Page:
Sun Safety: It’s Not Just For Summer!

by Ms. S on December 28, 2010

Sun through the Clouds

Sun Protection Is Needed Year-Round

Although summer’s end is just around the corner, sun safety should be practiced year-round.

Even on a cloudy day, up to 80 percent of the sun’s ultraviolet rays can pass through the clouds. In addition, sand reflects 25 percent of the sun’s rays and snow reflects 80 percent of the sun’s rays.

– American Academy of Dermatology; Facts About Sunscreen

Sunscreen Should Not Be The First Line of Defense Against the Sun’s Damaging Effects

Instead, stay in the shade, wear sun protective clothing, avoid the sun’s most damaging times (10am – 3pm), and then use sunscreen as necessary.

“Sunscreens should not be the first choice for skin cancer prevention and should not be used as the sole agent for protection against the sun” – International Agency for Research on Cancer (IARC) 2001

Sunscreen Controversy

One of Our Top Sunscreen Choices: Badger SPF 30

During the earlier part of this summer, there was a lot of “noise” about sunscreen.

  • UV Protection: Misleading claims by sunscreen manufacturers that “broad spectrum” protection was indeed protecting against both UVB and UVA rays (many sunscreens do not protect against UVA, which may lead to premature aging and cancer)
  • Vitamin A: Vitamin A, added in many sunscreens, was found to accelerate tumor growth rates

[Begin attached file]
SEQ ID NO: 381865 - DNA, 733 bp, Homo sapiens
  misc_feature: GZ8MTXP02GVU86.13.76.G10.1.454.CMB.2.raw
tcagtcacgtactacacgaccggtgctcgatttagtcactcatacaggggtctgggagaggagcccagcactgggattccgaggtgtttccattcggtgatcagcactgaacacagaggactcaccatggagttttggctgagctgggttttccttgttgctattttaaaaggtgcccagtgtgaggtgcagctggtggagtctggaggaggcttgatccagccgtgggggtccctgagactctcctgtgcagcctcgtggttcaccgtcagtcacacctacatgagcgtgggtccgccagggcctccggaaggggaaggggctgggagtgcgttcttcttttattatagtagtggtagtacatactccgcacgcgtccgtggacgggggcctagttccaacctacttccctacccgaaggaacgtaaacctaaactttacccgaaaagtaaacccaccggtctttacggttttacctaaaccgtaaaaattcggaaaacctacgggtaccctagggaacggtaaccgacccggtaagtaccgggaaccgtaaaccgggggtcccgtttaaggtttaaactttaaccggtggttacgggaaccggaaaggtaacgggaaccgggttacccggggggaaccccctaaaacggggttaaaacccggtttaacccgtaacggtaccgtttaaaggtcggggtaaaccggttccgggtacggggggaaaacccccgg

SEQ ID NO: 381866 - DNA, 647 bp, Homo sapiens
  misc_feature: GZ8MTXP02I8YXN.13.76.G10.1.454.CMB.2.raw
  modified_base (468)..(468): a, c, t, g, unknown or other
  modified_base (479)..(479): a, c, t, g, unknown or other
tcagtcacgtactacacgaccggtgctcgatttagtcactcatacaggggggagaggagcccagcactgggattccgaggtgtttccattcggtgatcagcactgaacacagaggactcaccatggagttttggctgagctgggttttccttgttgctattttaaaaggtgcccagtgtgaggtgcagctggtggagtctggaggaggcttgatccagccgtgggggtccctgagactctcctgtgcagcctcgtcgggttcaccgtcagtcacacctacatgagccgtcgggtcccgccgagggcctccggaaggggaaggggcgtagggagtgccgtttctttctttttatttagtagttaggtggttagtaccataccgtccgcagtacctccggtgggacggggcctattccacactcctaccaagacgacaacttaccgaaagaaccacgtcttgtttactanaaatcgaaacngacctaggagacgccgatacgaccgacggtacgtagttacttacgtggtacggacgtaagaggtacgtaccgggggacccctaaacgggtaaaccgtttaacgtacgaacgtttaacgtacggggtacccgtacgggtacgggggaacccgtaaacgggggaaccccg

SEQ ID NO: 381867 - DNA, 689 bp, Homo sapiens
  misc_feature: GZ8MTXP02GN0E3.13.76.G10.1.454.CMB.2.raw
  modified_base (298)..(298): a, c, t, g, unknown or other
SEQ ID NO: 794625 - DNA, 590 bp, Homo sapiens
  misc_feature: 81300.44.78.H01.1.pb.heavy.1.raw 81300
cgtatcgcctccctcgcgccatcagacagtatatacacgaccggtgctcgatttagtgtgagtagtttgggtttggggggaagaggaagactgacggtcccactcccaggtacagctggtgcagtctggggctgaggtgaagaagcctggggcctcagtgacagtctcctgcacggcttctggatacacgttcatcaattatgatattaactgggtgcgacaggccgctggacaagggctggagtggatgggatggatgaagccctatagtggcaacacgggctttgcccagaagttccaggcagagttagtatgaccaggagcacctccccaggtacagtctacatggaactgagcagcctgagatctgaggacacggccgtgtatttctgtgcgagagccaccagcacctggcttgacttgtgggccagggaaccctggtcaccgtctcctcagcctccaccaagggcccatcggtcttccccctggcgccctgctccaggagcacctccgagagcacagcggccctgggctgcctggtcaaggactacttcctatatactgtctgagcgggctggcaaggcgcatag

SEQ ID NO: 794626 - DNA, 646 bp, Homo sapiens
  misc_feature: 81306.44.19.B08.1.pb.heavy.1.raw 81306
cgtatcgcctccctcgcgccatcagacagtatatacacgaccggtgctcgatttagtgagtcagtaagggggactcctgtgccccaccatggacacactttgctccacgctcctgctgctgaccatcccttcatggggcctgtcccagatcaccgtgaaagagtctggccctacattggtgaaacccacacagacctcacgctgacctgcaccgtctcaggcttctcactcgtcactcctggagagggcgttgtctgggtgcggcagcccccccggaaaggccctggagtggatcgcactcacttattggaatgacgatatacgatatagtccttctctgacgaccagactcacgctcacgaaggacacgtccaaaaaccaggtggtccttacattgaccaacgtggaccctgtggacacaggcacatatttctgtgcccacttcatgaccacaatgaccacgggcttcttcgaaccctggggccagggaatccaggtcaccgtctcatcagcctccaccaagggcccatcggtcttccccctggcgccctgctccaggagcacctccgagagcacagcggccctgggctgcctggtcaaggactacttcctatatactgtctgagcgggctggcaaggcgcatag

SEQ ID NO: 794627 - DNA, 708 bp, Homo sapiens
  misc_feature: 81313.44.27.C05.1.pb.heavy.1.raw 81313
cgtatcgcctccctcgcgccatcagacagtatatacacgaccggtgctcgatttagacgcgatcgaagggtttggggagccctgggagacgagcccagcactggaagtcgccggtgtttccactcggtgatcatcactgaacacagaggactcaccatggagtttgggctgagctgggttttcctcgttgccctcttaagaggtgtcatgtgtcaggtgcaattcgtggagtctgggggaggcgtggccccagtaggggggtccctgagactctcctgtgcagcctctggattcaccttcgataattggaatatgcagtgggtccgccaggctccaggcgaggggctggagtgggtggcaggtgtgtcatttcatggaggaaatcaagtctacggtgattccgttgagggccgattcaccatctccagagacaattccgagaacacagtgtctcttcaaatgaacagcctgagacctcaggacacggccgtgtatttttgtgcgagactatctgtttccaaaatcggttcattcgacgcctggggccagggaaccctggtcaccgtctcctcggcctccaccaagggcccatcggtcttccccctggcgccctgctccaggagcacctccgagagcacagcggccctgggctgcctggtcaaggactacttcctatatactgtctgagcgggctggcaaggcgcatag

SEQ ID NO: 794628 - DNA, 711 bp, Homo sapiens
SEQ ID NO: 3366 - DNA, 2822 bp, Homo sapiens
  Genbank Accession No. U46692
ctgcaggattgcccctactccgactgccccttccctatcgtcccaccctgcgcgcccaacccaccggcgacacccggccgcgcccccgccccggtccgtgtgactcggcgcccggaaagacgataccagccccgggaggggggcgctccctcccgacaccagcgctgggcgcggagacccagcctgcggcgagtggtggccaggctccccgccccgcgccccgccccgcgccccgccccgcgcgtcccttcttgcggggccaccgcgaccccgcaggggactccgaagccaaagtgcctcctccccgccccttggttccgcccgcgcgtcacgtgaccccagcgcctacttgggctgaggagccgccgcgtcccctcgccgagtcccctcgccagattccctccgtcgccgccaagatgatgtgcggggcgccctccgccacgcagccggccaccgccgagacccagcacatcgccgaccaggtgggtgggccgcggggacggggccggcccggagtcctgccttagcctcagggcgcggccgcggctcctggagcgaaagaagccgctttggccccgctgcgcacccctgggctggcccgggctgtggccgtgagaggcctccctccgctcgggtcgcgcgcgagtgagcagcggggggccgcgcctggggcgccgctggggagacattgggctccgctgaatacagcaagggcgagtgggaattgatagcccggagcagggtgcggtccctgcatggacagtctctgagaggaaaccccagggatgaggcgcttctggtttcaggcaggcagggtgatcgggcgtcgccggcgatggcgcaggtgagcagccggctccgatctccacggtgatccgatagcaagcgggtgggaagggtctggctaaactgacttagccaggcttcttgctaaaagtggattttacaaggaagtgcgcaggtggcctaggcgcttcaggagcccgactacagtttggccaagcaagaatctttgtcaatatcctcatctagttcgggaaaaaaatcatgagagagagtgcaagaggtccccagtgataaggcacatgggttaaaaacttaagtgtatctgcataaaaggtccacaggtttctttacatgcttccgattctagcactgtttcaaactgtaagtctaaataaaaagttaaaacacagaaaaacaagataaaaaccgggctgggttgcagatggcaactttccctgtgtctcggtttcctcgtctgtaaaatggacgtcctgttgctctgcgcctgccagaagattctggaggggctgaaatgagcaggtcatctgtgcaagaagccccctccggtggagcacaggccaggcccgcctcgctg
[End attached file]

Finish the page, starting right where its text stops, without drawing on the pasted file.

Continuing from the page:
• Vitamin D: Vitamin D deficiency has been growing and attracting a lot more media attention (our bodies produce vitamin D when exposed to sunlight)
  • Concerns about chemicals in sunscreen: Certain chemicals in sunscreen may cause cancer or disrupt hormones
  • Forms of Sunscreen: Loose powders and sprays may be harmful if inhaled
  • Nanotechnology: Nanotechnology has allowed chemicals to become so small that there is debate on whether these chemicals enter the body through the skin and enter our blood and organs. Two of our recommended sunscreens contain chemicals that have been used with nanotechnology, such as titanium dioxide. Although this unknown risk exists, I found these two sunscreens — Badger’s and California Baby — to be safest current options for my family.

Overwhelming? I know… I procrastinated reading about this topic for a while.

Recommendations

Minimize the use of sunscreen with hats and sun protective clothing. Try to get the family to avoid the sun during its most harmful hours (10am – 3pm). Stay in the shade when you can. And, when using sunscreen, use creams that are made of titanium and zinc oxides. Although these sunscreens are generally more difficult to spread on the skin than traditional lotions and can leave a white layer, we find them worthwhile.


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